They draw the product in, help position it in the mind of the customers. They help give a product credibility or rob it of credibility. These forces include things such as: Market infrastructure.  The infrastructure includes everybody that can influence perceptions of the product:  retailers, distributors, financial analysts, manufacturers of peripherals from the infrastructure is critical to success.
Strategic relationships. Companies can form all types of relationships-equity investments, joint  development ventures, marketing agreements. A company’s credibility in a market often depends upon relationships it forms. For example, Microsoft’s reliability in the software industry shot up sharply when IBM decided to use  an operating system from Microsoft for its personal computer.
FUD. This stands for Fear, Uncertainty, and Doubt. If customers have fears and doubts about a product, the product won’t sell well, no matter how technologically advanced it is. Adaptation sequence. The market adapts to new technology in stages. First, a handful of future-oriented customers (the “Innovators”) will try  a new technology.  Then come the majority. Dynamic Positioning: The Cornerstones of the New Marketing of the customers. Finally, the “Laggards” adapt to the technology. Where a product falls in this adaptation sequence certainly influences its chances of success. 
Competition.  The actions of competitors can turn a product into a smash-or a flop. A product might look good at the launch, but a new product, using a new technology, can make it look obsolete overnight. Social trends. The prevailing views of society can greatly influence how a product performs in the market. The growing interest in environmental matters, for instance, gave a big boost to solar energy products.
These gravitational forces are always shifting and changing. Nothing in the market is static. Marketers will succeed only if they constantly valuate the gravitational forces and react to changes in the forces.  Competing in a dynamic market requires a dynamic marketing strategy. Marketing should focus on market creation, not market sharing.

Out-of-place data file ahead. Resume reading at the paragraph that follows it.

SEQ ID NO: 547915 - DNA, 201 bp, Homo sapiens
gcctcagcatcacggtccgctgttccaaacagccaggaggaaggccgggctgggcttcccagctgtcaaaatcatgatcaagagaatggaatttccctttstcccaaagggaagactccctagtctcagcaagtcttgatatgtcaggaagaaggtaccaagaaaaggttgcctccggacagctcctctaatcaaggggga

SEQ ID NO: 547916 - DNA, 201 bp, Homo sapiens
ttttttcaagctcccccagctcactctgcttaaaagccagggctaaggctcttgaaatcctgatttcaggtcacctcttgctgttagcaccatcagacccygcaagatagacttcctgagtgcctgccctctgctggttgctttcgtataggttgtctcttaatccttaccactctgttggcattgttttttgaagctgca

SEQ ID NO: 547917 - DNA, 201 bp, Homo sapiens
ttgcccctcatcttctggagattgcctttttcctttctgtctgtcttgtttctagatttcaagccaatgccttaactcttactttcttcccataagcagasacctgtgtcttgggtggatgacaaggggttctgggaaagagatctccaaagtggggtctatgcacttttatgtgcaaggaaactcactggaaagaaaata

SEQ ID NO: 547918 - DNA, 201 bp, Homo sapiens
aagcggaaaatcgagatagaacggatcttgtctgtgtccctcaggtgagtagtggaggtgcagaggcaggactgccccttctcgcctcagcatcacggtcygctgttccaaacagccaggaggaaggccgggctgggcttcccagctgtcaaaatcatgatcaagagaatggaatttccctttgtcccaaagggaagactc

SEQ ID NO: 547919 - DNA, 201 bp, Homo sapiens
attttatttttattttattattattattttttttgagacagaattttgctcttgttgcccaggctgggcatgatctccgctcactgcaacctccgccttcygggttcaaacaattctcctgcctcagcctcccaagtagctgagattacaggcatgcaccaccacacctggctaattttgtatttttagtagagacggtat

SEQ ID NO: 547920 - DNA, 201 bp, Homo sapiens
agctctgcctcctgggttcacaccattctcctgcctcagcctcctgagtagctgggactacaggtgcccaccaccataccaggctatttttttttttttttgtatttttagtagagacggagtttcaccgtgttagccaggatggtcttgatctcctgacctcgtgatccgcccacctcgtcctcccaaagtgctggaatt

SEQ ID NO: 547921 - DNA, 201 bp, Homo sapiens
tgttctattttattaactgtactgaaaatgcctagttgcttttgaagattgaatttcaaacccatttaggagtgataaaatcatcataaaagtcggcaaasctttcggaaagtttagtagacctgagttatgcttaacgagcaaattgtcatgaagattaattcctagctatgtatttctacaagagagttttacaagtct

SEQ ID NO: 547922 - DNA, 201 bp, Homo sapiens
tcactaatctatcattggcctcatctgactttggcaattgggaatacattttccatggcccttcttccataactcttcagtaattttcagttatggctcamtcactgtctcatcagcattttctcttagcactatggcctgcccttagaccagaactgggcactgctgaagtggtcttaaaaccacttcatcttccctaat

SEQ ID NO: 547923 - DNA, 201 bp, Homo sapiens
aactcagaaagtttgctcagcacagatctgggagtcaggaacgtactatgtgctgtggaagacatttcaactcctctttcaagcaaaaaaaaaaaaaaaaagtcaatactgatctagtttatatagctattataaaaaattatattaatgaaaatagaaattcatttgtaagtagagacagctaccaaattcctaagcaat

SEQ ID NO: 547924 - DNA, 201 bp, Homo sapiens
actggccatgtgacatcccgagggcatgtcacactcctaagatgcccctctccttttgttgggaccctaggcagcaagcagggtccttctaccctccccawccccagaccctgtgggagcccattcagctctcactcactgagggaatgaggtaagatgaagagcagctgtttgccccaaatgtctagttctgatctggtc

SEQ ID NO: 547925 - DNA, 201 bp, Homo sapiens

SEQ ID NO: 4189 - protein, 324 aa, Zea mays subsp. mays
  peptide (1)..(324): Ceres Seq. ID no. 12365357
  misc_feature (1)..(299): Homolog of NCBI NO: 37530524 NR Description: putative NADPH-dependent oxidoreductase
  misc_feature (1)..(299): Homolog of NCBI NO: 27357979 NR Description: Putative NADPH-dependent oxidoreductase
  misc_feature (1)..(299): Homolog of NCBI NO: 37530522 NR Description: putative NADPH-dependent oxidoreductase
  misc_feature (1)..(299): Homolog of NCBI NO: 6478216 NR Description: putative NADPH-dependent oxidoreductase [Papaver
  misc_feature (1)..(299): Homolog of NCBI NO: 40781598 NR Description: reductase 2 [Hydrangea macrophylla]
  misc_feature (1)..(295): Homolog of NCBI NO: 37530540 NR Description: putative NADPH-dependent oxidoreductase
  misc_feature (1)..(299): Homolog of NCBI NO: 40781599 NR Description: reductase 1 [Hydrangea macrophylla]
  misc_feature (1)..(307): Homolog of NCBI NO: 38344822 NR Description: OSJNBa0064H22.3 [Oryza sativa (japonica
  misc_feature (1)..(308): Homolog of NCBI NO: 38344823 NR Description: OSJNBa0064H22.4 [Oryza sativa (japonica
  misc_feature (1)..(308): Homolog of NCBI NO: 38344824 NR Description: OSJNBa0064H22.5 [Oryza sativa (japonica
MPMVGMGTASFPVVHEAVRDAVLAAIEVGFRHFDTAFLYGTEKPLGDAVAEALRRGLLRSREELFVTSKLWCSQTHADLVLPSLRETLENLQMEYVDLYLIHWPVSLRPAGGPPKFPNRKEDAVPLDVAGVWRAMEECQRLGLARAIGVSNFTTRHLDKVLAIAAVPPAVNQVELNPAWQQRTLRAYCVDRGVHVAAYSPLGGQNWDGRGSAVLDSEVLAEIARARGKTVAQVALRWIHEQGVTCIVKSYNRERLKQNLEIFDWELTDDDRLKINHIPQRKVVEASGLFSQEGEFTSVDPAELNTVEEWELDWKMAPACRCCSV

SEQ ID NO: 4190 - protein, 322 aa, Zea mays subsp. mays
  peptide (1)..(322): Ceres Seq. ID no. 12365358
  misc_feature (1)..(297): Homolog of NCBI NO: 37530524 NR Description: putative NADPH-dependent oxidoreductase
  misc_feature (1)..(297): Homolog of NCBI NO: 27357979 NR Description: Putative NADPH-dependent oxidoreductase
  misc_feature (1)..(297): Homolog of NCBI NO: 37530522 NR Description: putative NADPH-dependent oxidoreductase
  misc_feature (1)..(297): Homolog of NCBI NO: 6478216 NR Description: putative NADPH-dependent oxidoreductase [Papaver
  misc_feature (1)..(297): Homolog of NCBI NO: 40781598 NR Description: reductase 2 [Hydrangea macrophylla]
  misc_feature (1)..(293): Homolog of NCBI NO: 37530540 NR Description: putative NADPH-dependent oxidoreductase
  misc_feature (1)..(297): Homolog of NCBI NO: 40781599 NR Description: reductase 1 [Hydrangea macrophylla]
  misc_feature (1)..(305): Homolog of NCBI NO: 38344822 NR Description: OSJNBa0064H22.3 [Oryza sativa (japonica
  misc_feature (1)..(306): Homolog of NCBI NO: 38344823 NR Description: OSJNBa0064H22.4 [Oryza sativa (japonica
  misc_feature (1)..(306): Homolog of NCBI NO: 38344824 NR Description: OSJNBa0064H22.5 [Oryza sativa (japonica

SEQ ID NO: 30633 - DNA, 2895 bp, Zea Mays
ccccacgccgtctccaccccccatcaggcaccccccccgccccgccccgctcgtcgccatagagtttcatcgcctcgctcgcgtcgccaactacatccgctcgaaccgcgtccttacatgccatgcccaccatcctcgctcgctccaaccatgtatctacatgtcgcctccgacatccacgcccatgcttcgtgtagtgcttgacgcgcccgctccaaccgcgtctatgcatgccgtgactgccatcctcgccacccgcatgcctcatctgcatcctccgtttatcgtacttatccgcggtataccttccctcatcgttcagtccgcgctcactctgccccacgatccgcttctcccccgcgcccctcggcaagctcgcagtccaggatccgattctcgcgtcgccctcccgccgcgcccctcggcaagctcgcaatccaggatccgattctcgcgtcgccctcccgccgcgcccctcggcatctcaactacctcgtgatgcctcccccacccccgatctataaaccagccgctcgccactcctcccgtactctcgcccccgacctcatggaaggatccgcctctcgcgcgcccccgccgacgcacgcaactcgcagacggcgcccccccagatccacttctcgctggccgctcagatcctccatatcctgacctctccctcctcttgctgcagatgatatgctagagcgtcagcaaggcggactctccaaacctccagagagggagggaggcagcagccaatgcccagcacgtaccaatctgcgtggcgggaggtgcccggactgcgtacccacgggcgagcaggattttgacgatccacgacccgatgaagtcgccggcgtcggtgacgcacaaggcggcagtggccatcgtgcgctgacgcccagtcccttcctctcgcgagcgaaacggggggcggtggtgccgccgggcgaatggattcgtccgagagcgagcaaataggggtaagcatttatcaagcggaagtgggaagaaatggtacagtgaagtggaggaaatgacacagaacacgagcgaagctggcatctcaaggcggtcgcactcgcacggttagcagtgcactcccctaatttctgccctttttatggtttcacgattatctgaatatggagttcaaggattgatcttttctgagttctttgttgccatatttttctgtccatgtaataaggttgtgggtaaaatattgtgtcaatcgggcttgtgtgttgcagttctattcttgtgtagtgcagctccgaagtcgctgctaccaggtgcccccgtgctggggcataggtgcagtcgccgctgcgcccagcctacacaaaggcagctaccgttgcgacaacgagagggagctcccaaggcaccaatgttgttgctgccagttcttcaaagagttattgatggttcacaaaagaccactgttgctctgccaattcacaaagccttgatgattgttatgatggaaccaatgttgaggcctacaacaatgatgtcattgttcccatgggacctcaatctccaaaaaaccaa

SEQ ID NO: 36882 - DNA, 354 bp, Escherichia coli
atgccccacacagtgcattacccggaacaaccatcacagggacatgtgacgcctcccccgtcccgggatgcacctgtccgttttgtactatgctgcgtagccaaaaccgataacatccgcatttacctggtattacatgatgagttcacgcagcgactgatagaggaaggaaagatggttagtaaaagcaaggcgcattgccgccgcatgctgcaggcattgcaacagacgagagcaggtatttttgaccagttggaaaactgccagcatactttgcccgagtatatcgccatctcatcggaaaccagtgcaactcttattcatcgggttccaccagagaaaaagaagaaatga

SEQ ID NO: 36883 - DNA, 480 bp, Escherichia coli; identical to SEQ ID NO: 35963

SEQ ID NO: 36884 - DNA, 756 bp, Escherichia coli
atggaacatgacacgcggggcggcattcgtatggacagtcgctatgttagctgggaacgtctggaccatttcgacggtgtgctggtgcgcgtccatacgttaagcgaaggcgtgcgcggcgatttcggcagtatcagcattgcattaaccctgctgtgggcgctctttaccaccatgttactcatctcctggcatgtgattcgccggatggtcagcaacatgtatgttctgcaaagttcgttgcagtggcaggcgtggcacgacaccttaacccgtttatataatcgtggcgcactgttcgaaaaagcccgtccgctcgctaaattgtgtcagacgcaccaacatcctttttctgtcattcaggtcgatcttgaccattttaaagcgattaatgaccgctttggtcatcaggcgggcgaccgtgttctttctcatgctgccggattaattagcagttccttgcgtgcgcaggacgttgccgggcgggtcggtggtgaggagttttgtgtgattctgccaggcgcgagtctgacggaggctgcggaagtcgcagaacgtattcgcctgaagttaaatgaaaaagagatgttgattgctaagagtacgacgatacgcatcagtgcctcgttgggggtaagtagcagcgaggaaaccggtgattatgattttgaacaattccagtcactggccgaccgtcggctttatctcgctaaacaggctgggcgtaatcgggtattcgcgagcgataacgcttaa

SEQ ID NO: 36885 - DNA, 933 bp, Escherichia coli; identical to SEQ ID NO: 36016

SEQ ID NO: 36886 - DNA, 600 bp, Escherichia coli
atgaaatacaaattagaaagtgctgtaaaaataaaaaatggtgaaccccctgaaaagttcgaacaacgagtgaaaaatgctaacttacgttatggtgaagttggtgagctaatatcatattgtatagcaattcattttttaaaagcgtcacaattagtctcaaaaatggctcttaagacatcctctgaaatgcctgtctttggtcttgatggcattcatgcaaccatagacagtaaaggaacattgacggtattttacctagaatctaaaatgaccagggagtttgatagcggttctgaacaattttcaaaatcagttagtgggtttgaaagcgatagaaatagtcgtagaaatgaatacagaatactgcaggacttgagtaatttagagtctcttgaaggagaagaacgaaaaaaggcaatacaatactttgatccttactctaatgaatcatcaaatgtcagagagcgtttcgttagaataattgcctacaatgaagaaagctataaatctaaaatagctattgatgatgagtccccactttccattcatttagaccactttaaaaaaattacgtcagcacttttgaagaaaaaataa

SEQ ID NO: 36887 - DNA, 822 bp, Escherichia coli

Most people in marketing have what I call a “market-share mentality.” They identify established markets, then try to figure a way to get a piece of the market. They develop advertising strategies and merchandising strategies. All these strategies are aimed at winning market share from other companies in the industry.
In fast-changing industries, how we marketers need a new approach. Rather than thinking about sharing markets, they need to think about eating markets. Rather than taking a bigger slice of the pie, they must try to create a bigger pie. Or better yet, they should bake a new pie.
Market-sharing and market-creating strategies require very different sorts of thinking. Market-share strategies are common in mature consumer-goods industries like soft drinks and rental cars.  The emphasis is on advertising, promotion, pricing, and distribution.  Customers are interested primarily in price and availability. The supplier with the best financial resources is likely to win.